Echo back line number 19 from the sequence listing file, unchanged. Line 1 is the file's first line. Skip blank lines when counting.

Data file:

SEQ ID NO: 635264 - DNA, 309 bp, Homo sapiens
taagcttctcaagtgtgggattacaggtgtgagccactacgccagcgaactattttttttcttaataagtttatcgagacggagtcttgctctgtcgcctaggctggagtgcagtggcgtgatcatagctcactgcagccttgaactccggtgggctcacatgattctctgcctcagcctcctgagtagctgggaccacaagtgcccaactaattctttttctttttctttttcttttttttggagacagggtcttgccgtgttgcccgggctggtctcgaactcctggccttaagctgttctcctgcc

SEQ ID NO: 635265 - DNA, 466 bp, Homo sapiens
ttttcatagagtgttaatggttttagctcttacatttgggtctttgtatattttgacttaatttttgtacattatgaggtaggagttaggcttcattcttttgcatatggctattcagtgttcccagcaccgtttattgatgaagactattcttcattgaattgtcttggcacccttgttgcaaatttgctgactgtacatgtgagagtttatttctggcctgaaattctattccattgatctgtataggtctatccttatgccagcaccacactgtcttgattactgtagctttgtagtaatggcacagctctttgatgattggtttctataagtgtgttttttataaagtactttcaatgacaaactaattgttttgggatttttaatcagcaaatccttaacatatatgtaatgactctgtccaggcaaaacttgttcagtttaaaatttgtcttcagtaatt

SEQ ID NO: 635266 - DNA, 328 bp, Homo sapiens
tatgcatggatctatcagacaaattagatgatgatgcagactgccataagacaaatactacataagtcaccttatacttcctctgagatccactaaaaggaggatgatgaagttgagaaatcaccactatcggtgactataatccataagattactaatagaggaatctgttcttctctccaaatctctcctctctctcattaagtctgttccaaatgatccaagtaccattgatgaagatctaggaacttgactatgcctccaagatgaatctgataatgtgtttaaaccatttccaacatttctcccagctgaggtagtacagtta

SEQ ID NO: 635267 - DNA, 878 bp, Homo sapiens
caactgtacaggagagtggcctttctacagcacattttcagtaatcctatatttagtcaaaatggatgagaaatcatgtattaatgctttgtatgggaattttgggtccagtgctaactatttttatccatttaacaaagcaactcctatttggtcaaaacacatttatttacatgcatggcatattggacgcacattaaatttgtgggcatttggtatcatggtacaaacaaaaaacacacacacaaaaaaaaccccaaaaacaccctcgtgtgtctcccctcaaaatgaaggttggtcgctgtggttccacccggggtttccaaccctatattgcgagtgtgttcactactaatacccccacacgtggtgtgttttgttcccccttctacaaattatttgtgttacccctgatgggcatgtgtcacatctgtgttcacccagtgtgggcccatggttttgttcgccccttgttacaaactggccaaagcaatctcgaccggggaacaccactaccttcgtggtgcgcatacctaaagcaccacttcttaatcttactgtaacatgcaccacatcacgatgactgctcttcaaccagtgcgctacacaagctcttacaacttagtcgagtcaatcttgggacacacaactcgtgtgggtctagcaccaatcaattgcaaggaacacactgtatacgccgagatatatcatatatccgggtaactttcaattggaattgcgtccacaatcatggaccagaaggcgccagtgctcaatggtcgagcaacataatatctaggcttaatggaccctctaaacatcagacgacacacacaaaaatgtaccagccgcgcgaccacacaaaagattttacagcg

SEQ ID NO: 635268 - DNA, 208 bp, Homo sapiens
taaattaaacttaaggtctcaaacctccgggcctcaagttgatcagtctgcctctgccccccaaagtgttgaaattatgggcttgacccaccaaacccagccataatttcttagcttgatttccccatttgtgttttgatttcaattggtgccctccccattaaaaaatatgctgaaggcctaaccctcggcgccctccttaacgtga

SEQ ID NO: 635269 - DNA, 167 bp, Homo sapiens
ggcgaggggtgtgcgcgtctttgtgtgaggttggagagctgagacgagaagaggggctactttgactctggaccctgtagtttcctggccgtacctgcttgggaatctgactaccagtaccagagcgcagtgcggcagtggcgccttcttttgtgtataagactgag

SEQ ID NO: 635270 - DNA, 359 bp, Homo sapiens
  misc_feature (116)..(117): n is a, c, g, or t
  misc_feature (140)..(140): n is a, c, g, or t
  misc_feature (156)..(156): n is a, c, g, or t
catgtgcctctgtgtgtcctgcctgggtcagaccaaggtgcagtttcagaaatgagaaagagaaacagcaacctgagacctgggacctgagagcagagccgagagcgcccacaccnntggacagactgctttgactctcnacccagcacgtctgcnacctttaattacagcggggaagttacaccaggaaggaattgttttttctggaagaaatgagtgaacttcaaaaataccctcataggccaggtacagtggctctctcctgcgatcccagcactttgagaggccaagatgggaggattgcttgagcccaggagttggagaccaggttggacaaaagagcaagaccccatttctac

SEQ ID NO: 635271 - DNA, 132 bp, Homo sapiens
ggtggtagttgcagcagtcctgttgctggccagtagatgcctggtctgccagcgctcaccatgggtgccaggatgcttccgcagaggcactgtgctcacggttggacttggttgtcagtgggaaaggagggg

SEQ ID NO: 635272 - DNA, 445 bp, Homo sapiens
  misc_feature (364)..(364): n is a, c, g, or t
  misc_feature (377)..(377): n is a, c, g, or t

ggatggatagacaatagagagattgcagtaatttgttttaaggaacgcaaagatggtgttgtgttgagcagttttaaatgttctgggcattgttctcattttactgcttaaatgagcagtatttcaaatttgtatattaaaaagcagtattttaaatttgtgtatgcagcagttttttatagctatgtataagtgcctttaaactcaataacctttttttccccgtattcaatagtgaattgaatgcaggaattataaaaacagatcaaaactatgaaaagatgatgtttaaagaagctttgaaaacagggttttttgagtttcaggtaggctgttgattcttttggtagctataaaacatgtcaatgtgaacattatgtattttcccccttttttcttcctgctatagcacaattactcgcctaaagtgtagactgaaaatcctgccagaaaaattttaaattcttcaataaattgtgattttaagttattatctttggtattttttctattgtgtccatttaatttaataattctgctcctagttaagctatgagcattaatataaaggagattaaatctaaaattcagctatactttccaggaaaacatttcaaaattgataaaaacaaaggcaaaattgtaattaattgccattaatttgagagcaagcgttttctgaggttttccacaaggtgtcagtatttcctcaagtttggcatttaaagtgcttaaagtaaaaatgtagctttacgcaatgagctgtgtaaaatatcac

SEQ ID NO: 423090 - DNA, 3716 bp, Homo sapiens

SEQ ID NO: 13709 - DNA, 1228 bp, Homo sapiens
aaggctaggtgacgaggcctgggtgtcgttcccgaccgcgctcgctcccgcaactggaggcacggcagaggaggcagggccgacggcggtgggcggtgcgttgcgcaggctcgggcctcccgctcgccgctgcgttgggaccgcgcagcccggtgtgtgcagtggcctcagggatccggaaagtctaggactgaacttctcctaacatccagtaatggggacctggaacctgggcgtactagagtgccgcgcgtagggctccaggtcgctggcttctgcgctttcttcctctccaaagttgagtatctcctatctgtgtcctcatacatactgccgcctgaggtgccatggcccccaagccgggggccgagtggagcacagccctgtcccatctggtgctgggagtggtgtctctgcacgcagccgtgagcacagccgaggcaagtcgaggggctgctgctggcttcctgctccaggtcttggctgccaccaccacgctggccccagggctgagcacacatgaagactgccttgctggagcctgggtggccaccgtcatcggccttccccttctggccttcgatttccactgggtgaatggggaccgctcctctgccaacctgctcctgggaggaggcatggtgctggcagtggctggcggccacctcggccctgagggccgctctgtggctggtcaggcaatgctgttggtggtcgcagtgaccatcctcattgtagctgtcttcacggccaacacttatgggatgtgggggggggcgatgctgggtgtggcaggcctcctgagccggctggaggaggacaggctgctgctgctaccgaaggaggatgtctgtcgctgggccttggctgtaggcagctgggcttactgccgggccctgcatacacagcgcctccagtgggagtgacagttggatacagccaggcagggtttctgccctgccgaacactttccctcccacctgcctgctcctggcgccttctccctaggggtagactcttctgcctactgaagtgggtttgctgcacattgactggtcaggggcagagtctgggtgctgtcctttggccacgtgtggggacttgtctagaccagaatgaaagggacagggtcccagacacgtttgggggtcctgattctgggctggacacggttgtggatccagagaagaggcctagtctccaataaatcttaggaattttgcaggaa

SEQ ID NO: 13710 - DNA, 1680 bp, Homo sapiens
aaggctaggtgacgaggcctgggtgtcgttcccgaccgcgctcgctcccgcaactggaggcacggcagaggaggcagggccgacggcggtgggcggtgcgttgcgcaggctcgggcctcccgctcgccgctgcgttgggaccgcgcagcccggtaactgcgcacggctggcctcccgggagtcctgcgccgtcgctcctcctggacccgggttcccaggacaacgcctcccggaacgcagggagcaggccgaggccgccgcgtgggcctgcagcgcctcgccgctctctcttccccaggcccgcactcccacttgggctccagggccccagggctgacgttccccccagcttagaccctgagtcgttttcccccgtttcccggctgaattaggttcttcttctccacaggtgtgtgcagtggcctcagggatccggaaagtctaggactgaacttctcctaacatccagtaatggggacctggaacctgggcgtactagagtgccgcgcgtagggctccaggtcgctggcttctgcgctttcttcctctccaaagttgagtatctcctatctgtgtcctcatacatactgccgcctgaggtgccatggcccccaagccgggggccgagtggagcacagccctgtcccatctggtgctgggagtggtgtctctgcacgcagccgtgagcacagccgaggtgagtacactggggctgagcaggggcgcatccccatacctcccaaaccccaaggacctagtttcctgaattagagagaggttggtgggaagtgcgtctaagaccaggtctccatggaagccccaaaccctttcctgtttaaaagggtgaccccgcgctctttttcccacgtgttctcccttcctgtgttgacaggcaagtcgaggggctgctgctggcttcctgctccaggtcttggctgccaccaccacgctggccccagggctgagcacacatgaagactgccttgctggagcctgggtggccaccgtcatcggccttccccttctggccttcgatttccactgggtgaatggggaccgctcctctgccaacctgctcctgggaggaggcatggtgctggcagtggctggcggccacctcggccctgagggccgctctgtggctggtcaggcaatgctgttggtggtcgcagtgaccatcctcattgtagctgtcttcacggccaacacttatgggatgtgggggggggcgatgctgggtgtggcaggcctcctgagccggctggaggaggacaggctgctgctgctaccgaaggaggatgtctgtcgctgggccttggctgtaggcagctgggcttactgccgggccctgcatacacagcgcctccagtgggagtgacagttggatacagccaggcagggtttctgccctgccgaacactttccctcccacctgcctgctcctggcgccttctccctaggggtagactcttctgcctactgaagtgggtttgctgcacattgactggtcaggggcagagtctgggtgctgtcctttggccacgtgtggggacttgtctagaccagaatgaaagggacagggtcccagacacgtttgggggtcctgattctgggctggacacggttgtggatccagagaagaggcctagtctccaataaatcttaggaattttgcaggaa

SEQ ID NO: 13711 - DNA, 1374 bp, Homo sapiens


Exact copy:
ggtggtagttgcagcagtcctgttgctggccagtagatgcctggtctgccagcgctcaccatgggtgccaggatgcttccgcagaggcactgtgctcacggttggacttggttgtcagtgggaaaggagggg